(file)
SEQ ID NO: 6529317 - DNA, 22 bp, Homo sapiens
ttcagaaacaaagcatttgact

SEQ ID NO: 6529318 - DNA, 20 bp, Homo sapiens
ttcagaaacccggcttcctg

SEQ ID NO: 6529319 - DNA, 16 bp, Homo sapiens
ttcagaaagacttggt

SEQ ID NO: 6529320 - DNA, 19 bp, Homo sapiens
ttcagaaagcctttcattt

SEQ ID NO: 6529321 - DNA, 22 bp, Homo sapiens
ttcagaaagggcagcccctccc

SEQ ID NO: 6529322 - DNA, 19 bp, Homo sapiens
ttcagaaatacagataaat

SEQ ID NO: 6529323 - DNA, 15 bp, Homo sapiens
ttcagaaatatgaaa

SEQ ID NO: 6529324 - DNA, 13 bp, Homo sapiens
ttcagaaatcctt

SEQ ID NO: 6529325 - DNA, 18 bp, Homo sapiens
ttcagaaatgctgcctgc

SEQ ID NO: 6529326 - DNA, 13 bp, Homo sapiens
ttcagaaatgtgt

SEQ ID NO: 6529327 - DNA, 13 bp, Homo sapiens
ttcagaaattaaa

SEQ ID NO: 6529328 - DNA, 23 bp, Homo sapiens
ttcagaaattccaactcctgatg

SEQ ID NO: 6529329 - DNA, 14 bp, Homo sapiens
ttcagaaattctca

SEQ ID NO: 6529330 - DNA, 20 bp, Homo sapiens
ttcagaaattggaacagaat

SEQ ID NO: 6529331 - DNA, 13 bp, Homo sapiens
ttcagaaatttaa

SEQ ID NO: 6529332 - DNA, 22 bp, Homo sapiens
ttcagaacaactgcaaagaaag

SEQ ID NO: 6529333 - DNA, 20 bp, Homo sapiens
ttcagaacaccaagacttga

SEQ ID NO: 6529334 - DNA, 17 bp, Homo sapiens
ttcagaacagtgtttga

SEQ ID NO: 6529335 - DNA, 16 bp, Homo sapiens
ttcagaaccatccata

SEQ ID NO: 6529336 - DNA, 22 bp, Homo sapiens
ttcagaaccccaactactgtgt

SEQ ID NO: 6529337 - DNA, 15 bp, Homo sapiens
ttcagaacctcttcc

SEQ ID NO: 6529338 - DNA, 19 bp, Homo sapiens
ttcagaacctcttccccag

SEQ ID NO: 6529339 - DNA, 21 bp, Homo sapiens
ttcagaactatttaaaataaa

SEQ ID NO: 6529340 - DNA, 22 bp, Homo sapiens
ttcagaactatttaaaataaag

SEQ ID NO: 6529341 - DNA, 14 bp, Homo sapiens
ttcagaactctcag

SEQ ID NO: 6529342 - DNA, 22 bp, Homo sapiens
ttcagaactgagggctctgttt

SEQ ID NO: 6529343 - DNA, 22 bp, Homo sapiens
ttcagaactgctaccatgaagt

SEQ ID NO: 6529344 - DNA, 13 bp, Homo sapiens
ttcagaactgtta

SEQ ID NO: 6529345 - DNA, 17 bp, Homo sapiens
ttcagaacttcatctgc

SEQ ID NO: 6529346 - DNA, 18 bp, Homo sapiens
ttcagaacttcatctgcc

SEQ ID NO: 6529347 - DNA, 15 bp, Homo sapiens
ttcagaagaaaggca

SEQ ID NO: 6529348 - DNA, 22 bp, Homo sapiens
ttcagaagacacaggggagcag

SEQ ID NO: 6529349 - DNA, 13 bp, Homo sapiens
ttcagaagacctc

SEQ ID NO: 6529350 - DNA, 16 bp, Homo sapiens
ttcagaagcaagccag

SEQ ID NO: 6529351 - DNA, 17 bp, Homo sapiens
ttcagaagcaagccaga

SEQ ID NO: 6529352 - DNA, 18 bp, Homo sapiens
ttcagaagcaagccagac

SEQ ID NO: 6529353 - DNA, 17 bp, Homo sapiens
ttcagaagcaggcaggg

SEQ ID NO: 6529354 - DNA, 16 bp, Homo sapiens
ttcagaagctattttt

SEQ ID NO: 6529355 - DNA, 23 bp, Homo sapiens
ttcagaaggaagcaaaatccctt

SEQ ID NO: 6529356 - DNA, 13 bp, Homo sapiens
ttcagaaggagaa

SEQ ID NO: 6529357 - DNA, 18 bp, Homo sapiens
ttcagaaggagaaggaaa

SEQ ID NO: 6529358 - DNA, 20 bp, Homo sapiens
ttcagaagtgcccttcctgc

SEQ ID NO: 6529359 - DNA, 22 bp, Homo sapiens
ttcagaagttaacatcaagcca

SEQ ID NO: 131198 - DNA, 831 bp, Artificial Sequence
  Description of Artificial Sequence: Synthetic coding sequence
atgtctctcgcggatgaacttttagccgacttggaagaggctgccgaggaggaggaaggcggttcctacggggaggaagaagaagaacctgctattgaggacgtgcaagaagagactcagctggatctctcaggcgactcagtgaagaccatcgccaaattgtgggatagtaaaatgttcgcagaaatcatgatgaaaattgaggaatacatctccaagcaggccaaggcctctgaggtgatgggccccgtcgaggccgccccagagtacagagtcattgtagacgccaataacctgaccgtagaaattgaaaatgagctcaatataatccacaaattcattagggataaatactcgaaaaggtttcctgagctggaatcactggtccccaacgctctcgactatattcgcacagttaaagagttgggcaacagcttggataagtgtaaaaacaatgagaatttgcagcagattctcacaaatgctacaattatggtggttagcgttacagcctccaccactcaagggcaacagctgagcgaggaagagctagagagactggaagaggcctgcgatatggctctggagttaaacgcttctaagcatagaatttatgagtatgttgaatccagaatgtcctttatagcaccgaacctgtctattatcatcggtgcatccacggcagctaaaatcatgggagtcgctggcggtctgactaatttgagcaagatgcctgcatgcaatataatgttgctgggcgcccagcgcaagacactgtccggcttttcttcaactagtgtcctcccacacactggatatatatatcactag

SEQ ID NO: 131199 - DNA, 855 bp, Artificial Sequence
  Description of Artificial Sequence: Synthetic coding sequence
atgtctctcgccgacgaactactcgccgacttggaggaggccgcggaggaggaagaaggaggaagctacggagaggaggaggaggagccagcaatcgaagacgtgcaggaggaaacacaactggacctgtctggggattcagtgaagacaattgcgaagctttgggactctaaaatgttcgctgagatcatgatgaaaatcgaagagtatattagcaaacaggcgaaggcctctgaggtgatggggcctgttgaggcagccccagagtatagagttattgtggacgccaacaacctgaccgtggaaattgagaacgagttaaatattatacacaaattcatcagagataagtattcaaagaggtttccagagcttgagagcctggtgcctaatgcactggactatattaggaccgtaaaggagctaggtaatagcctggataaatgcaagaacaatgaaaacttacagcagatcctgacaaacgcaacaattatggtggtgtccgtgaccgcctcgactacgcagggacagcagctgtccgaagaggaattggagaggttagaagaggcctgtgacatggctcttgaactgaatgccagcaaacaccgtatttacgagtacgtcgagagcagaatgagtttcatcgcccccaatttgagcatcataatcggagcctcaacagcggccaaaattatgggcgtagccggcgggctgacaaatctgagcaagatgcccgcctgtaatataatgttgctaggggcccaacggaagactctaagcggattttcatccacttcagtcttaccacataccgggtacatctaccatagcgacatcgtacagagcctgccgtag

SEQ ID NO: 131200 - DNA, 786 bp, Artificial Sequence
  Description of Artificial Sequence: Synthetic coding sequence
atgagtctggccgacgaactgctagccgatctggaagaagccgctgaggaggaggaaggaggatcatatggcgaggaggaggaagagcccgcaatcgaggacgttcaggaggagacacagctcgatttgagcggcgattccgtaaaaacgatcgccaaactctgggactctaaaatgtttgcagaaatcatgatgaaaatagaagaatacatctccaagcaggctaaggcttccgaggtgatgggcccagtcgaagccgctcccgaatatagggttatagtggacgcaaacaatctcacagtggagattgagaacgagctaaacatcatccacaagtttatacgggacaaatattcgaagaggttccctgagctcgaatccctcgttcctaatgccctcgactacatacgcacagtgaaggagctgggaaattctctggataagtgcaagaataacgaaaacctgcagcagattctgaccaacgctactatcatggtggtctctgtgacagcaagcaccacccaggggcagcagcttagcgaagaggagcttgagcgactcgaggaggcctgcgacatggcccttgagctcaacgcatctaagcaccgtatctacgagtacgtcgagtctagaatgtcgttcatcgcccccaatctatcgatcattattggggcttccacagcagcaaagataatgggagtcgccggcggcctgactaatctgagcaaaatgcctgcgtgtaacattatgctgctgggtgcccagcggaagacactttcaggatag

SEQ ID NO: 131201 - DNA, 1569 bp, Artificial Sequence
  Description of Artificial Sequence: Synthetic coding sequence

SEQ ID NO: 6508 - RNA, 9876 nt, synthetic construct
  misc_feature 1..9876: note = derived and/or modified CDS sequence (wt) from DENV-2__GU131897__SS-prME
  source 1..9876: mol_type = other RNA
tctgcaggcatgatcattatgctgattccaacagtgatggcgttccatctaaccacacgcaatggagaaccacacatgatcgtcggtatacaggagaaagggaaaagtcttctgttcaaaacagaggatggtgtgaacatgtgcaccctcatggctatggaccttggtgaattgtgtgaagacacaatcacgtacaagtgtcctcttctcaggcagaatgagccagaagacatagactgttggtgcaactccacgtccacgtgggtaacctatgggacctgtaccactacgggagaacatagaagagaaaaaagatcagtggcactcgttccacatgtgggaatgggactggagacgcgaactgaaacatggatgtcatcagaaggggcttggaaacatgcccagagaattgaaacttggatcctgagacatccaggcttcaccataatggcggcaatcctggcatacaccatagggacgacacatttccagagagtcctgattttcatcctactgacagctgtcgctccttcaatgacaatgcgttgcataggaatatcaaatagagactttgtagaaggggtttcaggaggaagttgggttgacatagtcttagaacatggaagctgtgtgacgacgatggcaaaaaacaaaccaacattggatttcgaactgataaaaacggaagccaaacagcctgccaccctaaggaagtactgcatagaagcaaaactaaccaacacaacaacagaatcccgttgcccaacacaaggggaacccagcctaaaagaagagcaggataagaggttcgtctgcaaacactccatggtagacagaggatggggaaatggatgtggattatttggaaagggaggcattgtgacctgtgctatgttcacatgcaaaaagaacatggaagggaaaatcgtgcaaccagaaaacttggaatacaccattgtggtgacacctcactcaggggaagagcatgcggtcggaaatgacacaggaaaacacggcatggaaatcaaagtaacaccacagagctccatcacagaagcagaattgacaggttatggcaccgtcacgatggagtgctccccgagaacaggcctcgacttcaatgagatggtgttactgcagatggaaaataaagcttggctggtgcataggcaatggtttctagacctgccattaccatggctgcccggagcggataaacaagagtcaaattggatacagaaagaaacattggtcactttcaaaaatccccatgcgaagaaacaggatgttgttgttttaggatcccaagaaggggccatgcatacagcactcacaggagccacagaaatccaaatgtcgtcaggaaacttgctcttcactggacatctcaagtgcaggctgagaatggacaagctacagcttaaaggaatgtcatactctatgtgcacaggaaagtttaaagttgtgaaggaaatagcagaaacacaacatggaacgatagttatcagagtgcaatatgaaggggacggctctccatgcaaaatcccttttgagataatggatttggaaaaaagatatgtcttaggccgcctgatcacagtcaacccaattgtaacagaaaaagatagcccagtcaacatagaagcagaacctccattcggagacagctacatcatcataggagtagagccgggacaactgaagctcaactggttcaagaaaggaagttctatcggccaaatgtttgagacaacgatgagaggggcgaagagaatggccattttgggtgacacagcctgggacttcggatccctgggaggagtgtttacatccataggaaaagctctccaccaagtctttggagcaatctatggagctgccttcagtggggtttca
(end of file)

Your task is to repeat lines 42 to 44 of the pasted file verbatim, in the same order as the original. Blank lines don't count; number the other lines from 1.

ttcagaacctcttcc

SEQ ID NO: 6529338 - DNA, 19 bp, Homo sapiens
ttcagaacctcttccccag